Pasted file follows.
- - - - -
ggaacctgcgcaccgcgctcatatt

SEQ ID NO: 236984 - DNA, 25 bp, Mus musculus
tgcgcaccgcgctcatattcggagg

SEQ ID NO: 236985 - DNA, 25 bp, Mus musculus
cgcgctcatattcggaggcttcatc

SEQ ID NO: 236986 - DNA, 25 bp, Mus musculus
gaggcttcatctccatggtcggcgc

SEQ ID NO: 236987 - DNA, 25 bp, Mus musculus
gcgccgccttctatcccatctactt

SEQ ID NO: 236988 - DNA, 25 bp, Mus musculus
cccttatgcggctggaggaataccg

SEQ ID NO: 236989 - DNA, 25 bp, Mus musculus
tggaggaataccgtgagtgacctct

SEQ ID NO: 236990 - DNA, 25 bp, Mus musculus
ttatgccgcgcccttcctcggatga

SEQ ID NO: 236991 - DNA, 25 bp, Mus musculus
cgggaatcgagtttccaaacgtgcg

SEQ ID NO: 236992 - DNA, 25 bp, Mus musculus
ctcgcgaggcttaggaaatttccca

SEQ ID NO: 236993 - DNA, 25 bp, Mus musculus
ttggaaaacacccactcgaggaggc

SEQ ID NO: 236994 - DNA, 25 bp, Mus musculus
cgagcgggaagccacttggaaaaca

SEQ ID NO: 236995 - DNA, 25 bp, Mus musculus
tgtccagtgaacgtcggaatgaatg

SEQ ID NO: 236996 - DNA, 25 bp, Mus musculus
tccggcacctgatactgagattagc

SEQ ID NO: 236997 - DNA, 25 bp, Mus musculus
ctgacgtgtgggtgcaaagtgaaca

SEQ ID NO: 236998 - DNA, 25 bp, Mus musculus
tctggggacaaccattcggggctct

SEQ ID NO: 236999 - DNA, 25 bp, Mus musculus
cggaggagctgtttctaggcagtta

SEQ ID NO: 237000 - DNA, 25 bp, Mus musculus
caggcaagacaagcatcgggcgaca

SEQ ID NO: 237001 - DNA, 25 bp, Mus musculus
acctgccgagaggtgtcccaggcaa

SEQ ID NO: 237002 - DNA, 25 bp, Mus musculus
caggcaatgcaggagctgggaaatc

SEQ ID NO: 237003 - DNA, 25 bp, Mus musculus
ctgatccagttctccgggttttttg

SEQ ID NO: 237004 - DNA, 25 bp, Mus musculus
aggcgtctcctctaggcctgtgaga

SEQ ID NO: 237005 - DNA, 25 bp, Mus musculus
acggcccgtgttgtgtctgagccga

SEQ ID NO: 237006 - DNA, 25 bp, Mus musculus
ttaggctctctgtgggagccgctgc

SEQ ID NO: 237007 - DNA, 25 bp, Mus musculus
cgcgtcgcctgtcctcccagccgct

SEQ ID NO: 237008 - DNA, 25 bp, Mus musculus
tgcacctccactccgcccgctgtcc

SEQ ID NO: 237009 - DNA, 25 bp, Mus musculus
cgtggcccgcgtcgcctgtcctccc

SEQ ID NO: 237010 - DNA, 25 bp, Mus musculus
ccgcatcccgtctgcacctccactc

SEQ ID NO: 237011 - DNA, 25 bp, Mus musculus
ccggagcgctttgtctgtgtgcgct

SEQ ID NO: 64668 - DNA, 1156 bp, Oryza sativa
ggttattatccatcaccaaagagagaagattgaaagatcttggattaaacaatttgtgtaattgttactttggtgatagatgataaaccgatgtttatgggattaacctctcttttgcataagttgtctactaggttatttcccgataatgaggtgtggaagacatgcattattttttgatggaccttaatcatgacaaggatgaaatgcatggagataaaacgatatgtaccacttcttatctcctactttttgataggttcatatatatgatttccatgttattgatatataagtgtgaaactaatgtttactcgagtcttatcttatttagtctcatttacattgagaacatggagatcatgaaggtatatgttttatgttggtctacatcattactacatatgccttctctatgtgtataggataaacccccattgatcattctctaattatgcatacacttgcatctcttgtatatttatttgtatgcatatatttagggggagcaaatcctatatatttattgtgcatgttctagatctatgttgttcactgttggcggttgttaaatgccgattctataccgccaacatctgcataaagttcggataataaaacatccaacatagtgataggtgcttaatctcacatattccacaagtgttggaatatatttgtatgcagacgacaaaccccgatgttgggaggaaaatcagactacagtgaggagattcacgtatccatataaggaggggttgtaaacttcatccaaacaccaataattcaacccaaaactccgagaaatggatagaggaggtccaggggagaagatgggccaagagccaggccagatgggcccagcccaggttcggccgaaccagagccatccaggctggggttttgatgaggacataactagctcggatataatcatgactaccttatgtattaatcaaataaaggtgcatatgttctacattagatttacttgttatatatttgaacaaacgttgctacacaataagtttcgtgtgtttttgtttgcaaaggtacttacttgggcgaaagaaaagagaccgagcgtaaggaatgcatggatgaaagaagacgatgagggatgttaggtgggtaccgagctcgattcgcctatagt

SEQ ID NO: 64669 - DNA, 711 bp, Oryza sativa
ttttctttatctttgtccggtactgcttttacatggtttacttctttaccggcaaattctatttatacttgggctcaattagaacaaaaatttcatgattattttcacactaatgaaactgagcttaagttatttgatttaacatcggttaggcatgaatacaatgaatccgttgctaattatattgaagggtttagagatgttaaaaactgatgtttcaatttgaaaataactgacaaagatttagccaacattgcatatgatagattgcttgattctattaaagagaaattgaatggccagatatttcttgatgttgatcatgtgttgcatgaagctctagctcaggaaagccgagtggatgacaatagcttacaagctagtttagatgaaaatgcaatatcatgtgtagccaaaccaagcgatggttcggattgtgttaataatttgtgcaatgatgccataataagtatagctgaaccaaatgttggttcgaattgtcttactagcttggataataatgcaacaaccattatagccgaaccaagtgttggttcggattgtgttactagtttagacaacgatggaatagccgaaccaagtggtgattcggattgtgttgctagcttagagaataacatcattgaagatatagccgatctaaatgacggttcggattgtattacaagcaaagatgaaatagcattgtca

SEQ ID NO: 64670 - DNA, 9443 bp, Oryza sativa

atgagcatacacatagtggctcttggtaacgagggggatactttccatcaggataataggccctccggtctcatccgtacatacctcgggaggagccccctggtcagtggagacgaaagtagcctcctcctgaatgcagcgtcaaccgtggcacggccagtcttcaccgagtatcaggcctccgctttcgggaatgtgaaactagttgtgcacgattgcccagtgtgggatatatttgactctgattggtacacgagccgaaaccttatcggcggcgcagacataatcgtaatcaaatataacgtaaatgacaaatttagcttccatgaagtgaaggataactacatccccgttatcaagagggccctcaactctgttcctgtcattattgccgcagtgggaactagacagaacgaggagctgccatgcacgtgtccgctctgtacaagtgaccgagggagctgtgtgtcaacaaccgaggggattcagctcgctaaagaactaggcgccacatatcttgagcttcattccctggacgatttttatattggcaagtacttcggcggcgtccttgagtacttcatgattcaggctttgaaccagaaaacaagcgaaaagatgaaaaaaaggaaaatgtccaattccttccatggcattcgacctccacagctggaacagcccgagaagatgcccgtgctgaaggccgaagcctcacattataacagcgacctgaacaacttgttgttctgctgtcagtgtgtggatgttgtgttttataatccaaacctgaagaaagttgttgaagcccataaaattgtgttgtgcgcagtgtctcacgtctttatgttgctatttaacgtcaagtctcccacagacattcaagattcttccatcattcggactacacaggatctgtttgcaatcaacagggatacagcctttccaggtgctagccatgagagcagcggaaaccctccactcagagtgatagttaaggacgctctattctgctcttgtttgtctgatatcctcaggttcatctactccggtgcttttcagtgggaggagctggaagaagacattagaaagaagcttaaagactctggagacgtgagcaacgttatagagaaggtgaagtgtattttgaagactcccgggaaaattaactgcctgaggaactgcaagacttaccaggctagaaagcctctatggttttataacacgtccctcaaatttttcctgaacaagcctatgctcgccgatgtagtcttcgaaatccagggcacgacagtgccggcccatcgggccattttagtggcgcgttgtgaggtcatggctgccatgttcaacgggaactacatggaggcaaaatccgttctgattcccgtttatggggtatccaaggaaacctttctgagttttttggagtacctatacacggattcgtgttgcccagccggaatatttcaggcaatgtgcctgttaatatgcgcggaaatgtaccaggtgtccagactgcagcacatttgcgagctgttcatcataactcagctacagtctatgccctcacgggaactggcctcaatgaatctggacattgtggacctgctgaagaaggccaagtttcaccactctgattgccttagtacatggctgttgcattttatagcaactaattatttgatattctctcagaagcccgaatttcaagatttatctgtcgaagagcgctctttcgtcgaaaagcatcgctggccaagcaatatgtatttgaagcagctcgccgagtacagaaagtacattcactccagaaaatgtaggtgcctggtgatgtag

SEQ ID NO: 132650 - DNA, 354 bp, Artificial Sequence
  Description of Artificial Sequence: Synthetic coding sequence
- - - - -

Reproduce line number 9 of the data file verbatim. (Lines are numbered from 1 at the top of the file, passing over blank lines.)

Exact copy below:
gcgccgccttctatcccatctactt